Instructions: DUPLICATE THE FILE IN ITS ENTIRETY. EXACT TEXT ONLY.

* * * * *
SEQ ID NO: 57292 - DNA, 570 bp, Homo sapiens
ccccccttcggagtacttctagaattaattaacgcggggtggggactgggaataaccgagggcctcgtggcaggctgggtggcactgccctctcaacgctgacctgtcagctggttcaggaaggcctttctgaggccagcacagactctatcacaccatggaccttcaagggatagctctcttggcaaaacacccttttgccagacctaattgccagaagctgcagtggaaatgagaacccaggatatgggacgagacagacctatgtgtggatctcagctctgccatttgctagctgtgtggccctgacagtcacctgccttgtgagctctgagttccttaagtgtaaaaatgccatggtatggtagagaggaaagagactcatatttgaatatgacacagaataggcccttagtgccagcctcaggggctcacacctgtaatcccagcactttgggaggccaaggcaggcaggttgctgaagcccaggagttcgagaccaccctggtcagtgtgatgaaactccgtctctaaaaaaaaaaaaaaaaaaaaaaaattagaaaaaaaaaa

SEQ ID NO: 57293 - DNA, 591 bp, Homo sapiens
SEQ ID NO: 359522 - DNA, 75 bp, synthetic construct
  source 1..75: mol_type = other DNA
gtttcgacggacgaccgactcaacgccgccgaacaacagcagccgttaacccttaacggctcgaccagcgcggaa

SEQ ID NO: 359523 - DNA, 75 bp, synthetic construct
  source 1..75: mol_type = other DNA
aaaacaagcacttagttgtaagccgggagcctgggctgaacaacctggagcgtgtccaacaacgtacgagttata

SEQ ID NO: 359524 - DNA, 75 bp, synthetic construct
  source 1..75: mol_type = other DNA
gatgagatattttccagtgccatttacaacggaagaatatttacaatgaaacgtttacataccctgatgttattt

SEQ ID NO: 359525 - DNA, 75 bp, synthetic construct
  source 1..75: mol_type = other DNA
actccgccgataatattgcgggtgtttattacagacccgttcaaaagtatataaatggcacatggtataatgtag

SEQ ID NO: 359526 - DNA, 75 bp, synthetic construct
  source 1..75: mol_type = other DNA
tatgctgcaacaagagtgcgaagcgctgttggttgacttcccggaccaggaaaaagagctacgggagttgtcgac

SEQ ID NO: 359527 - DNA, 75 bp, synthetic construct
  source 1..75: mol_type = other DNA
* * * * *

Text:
SEQ ID NO: 57292 - DNA, 570 bp, Homo sapiens
ccccccttcggagtacttctagaattaattaacgcggggtggggactgggaataaccgagggcctcgtggcaggctgggtggcactgccctctcaacgctgacctgtcagctggttcaggaaggcctttctgaggccagcacagactctatcacaccatggaccttcaagggatagctctcttggcaaaacacccttttgccagacctaattgccagaagctgcagtggaaatgagaacccaggatatgggacgagacagacctatgtgtggatctcagctctgccatttgctagctgtgtggccctgacagtcacctgccttgtgagctctgagttccttaagtgtaaaaatgccatggtatggtagagaggaaagagactcatatttgaatatgacacagaataggcccttagtgccagcctcaggggctcacacctgtaatcccagcactttgggaggccaaggcaggcaggttgctgaagcccaggagttcgagaccaccctggtcagtgtgatgaaactccgtctctaaaaaaaaaaaaaaaaaaaaaaaattagaaaaaaaaaa

SEQ ID NO: 57293 - DNA, 591 bp, Homo sapiens
SEQ ID NO: 359522 - DNA, 75 bp, synthetic construct
  source 1..75: mol_type = other DNA
gtttcgacggacgaccgactcaacgccgccgaacaacagcagccgttaacccttaacggctcgaccagcgcggaa

SEQ ID NO: 359523 - DNA, 75 bp, synthetic construct
  source 1..75: mol_type = other DNA
aaaacaagcacttagttgtaagccgggagcctgggctgaacaacctggagcgtgtccaacaacgtacgagttata

SEQ ID NO: 359524 - DNA, 75 bp, synthetic construct
  source 1..75: mol_type = other DNA
gatgagatattttccagtgccatttacaacggaagaatatttacaatgaaacgtttacataccctgatgttattt

SEQ ID NO: 359525 - DNA, 75 bp, synthetic construct
  source 1..75: mol_type = other DNA
actccgccgataatattgcgggtgtttattacagacccgttcaaaagtatataaatggcacatggtataatgtag

SEQ ID NO: 359526 - DNA, 75 bp, synthetic construct
  source 1..75: mol_type = other DNA
tatgctgcaacaagagtgcgaagcgctgttggttgacttcccggaccaggaaaaagagctacgggagttgtcgac

SEQ ID NO: 359527 - DNA, 75 bp, synthetic construct
  source 1..75: mol_type = other DNA